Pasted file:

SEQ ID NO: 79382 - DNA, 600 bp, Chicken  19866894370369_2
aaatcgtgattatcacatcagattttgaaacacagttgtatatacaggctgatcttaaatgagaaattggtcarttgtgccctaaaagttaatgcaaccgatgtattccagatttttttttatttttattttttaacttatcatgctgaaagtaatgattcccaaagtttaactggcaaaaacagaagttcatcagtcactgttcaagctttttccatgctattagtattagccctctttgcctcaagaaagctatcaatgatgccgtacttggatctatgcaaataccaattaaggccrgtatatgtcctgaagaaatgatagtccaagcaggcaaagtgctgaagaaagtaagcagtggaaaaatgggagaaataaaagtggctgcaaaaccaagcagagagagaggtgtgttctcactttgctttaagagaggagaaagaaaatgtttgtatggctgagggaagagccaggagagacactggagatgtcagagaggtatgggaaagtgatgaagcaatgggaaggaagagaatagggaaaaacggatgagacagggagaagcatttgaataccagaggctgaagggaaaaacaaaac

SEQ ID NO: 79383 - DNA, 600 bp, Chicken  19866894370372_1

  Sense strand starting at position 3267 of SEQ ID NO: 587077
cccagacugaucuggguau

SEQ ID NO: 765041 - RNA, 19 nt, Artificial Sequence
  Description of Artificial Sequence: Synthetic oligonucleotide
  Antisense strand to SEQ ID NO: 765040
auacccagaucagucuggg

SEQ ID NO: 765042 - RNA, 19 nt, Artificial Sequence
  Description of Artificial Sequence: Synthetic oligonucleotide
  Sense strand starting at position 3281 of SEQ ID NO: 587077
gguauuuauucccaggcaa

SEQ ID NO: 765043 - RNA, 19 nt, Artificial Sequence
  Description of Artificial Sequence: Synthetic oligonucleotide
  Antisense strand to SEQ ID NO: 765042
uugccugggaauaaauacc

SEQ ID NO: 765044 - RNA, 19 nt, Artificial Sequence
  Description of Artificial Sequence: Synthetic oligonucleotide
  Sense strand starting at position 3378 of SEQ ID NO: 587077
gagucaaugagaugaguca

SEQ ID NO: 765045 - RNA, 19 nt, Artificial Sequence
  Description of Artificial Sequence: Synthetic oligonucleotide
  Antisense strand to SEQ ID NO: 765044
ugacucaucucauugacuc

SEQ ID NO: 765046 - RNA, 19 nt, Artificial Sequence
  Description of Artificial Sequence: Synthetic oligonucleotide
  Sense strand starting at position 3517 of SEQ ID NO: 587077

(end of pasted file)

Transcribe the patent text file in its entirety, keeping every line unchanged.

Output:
SEQ ID NO: 79382 - DNA, 600 bp, Chicken  19866894370369_2
aaatcgtgattatcacatcagattttgaaacacagttgtatatacaggctgatcttaaatgagaaattggtcarttgtgccctaaaagttaatgcaaccgatgtattccagatttttttttatttttattttttaacttatcatgctgaaagtaatgattcccaaagtttaactggcaaaaacagaagttcatcagtcactgttcaagctttttccatgctattagtattagccctctttgcctcaagaaagctatcaatgatgccgtacttggatctatgcaaataccaattaaggccrgtatatgtcctgaagaaatgatagtccaagcaggcaaagtgctgaagaaagtaagcagtggaaaaatgggagaaataaaagtggctgcaaaaccaagcagagagagaggtgtgttctcactttgctttaagagaggagaaagaaaatgtttgtatggctgagggaagagccaggagagacactggagatgtcagagaggtatgggaaagtgatgaagcaatgggaaggaagagaatagggaaaaacggatgagacagggagaagcatttgaataccagaggctgaagggaaaaacaaaac

SEQ ID NO: 79383 - DNA, 600 bp, Chicken  19866894370372_1

  Sense strand starting at position 3267 of SEQ ID NO: 587077
cccagacugaucuggguau

SEQ ID NO: 765041 - RNA, 19 nt, Artificial Sequence
  Description of Artificial Sequence: Synthetic oligonucleotide
  Antisense strand to SEQ ID NO: 765040
auacccagaucagucuggg

SEQ ID NO: 765042 - RNA, 19 nt, Artificial Sequence
  Description of Artificial Sequence: Synthetic oligonucleotide
  Sense strand starting at position 3281 of SEQ ID NO: 587077
gguauuuauucccaggcaa

SEQ ID NO: 765043 - RNA, 19 nt, Artificial Sequence
  Description of Artificial Sequence: Synthetic oligonucleotide
  Antisense strand to SEQ ID NO: 765042
uugccugggaauaaauacc

SEQ ID NO: 765044 - RNA, 19 nt, Artificial Sequence
  Description of Artificial Sequence: Synthetic oligonucleotide
  Sense strand starting at position 3378 of SEQ ID NO: 587077
gagucaaugagaugaguca

SEQ ID NO: 765045 - RNA, 19 nt, Artificial Sequence
  Description of Artificial Sequence: Synthetic oligonucleotide
  Antisense strand to SEQ ID NO: 765044
ugacucaucucauugacuc

SEQ ID NO: 765046 - RNA, 19 nt, Artificial Sequence
  Description of Artificial Sequence: Synthetic oligonucleotide
  Sense strand starting at position 3517 of SEQ ID NO: 587077